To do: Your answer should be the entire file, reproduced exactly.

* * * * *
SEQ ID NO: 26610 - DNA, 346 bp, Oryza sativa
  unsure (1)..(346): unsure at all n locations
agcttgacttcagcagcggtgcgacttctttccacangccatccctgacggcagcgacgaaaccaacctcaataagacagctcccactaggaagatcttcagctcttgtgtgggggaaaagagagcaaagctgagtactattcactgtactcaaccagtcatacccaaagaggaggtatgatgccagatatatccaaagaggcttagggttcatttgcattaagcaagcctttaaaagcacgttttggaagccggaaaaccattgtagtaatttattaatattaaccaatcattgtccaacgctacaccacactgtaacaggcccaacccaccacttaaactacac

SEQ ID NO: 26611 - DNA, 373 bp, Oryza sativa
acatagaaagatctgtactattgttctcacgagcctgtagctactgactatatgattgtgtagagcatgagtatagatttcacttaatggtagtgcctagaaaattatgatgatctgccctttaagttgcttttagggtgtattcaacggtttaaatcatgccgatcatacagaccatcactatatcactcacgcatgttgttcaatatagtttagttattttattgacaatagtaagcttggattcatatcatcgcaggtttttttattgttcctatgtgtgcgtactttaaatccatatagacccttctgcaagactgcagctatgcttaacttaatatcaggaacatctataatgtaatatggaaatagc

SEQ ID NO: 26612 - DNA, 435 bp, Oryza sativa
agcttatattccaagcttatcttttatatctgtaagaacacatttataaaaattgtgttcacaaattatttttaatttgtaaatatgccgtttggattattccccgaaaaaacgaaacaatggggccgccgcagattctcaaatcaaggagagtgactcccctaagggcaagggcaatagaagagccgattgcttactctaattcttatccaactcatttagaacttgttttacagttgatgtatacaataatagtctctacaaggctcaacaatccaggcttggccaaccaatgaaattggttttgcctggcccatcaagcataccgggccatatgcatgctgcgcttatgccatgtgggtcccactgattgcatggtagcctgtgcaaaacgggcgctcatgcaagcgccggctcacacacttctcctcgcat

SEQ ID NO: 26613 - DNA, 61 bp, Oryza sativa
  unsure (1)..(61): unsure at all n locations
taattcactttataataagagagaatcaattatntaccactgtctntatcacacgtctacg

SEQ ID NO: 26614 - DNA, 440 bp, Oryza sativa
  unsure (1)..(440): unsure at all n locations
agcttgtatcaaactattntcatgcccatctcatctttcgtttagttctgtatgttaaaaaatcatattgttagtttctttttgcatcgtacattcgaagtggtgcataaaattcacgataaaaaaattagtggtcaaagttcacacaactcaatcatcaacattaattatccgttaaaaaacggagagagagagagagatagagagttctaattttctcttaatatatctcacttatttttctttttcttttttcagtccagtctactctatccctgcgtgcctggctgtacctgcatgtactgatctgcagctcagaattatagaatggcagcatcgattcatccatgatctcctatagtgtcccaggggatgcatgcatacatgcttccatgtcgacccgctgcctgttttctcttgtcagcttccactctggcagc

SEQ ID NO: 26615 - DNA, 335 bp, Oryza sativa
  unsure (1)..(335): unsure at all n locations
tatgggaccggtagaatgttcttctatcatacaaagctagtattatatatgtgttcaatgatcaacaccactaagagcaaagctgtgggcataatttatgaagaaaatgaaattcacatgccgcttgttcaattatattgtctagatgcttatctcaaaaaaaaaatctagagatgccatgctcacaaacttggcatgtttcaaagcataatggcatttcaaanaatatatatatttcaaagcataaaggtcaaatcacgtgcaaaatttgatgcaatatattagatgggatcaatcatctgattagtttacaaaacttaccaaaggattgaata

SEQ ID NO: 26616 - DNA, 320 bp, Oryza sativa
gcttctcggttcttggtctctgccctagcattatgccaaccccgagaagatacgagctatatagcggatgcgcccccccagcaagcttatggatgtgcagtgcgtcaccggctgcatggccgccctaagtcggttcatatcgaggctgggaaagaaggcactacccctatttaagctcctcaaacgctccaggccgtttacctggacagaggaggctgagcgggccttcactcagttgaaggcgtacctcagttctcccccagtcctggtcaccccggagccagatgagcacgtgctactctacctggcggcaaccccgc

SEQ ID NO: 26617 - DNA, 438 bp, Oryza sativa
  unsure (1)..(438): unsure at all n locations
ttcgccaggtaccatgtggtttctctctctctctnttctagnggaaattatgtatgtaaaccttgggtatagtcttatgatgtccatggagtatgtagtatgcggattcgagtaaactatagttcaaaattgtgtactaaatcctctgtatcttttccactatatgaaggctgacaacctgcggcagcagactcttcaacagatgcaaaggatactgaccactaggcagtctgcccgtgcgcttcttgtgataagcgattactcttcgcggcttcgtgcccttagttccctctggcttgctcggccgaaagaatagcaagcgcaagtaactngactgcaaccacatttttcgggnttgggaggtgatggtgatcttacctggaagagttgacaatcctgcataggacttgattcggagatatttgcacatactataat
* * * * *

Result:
SEQ ID NO: 26610 - DNA, 346 bp, Oryza sativa
  unsure (1)..(346): unsure at all n locations
agcttgacttcagcagcggtgcgacttctttccacangccatccctgacggcagcgacgaaaccaacctcaataagacagctcccactaggaagatcttcagctcttgtgtgggggaaaagagagcaaagctgagtactattcactgtactcaaccagtcatacccaaagaggaggtatgatgccagatatatccaaagaggcttagggttcatttgcattaagcaagcctttaaaagcacgttttggaagccggaaaaccattgtagtaatttattaatattaaccaatcattgtccaacgctacaccacactgtaacaggcccaacccaccacttaaactacac

SEQ ID NO: 26611 - DNA, 373 bp, Oryza sativa
acatagaaagatctgtactattgttctcacgagcctgtagctactgactatatgattgtgtagagcatgagtatagatttcacttaatggtagtgcctagaaaattatgatgatctgccctttaagttgcttttagggtgtattcaacggtttaaatcatgccgatcatacagaccatcactatatcactcacgcatgttgttcaatatagtttagttattttattgacaatagtaagcttggattcatatcatcgcaggtttttttattgttcctatgtgtgcgtactttaaatccatatagacccttctgcaagactgcagctatgcttaacttaatatcaggaacatctataatgtaatatggaaatagc

SEQ ID NO: 26612 - DNA, 435 bp, Oryza sativa
agcttatattccaagcttatcttttatatctgtaagaacacatttataaaaattgtgttcacaaattatttttaatttgtaaatatgccgtttggattattccccgaaaaaacgaaacaatggggccgccgcagattctcaaatcaaggagagtgactcccctaagggcaagggcaatagaagagccgattgcttactctaattcttatccaactcatttagaacttgttttacagttgatgtatacaataatagtctctacaaggctcaacaatccaggcttggccaaccaatgaaattggttttgcctggcccatcaagcataccgggccatatgcatgctgcgcttatgccatgtgggtcccactgattgcatggtagcctgtgcaaaacgggcgctcatgcaagcgccggctcacacacttctcctcgcat

SEQ ID NO: 26613 - DNA, 61 bp, Oryza sativa
  unsure (1)..(61): unsure at all n locations
taattcactttataataagagagaatcaattatntaccactgtctntatcacacgtctacg

SEQ ID NO: 26614 - DNA, 440 bp, Oryza sativa
  unsure (1)..(440): unsure at all n locations
agcttgtatcaaactattntcatgcccatctcatctttcgtttagttctgtatgttaaaaaatcatattgttagtttctttttgcatcgtacattcgaagtggtgcataaaattcacgataaaaaaattagtggtcaaagttcacacaactcaatcatcaacattaattatccgttaaaaaacggagagagagagagagatagagagttctaattttctcttaatatatctcacttatttttctttttcttttttcagtccagtctactctatccctgcgtgcctggctgtacctgcatgtactgatctgcagctcagaattatagaatggcagcatcgattcatccatgatctcctatagtgtcccaggggatgcatgcatacatgcttccatgtcgacccgctgcctgttttctcttgtcagcttccactctggcagc

SEQ ID NO: 26615 - DNA, 335 bp, Oryza sativa
  unsure (1)..(335): unsure at all n locations
tatgggaccggtagaatgttcttctatcatacaaagctagtattatatatgtgttcaatgatcaacaccactaagagcaaagctgtgggcataatttatgaagaaaatgaaattcacatgccgcttgttcaattatattgtctagatgcttatctcaaaaaaaaaatctagagatgccatgctcacaaacttggcatgtttcaaagcataatggcatttcaaanaatatatatatttcaaagcataaaggtcaaatcacgtgcaaaatttgatgcaatatattagatgggatcaatcatctgattagtttacaaaacttaccaaaggattgaata

SEQ ID NO: 26616 - DNA, 320 bp, Oryza sativa
gcttctcggttcttggtctctgccctagcattatgccaaccccgagaagatacgagctatatagcggatgcgcccccccagcaagcttatggatgtgcagtgcgtcaccggctgcatggccgccctaagtcggttcatatcgaggctgggaaagaaggcactacccctatttaagctcctcaaacgctccaggccgtttacctggacagaggaggctgagcgggccttcactcagttgaaggcgtacctcagttctcccccagtcctggtcaccccggagccagatgagcacgtgctactctacctggcggcaaccccgc

SEQ ID NO: 26617 - DNA, 438 bp, Oryza sativa
  unsure (1)..(438): unsure at all n locations
ttcgccaggtaccatgtggtttctctctctctctnttctagnggaaattatgtatgtaaaccttgggtatagtcttatgatgtccatggagtatgtagtatgcggattcgagtaaactatagttcaaaattgtgtactaaatcctctgtatcttttccactatatgaaggctgacaacctgcggcagcagactcttcaacagatgcaaaggatactgaccactaggcagtctgcccgtgcgcttcttgtgataagcgattactcttcgcggcttcgtgcccttagttccctctggcttgctcggccgaaagaatagcaagcgcaagtaactngactgcaaccacatttttcgggnttgggaggtgatggtgatcttacctggaagagttgacaatcctgcataggacttgattcggagatatttgcacatactataat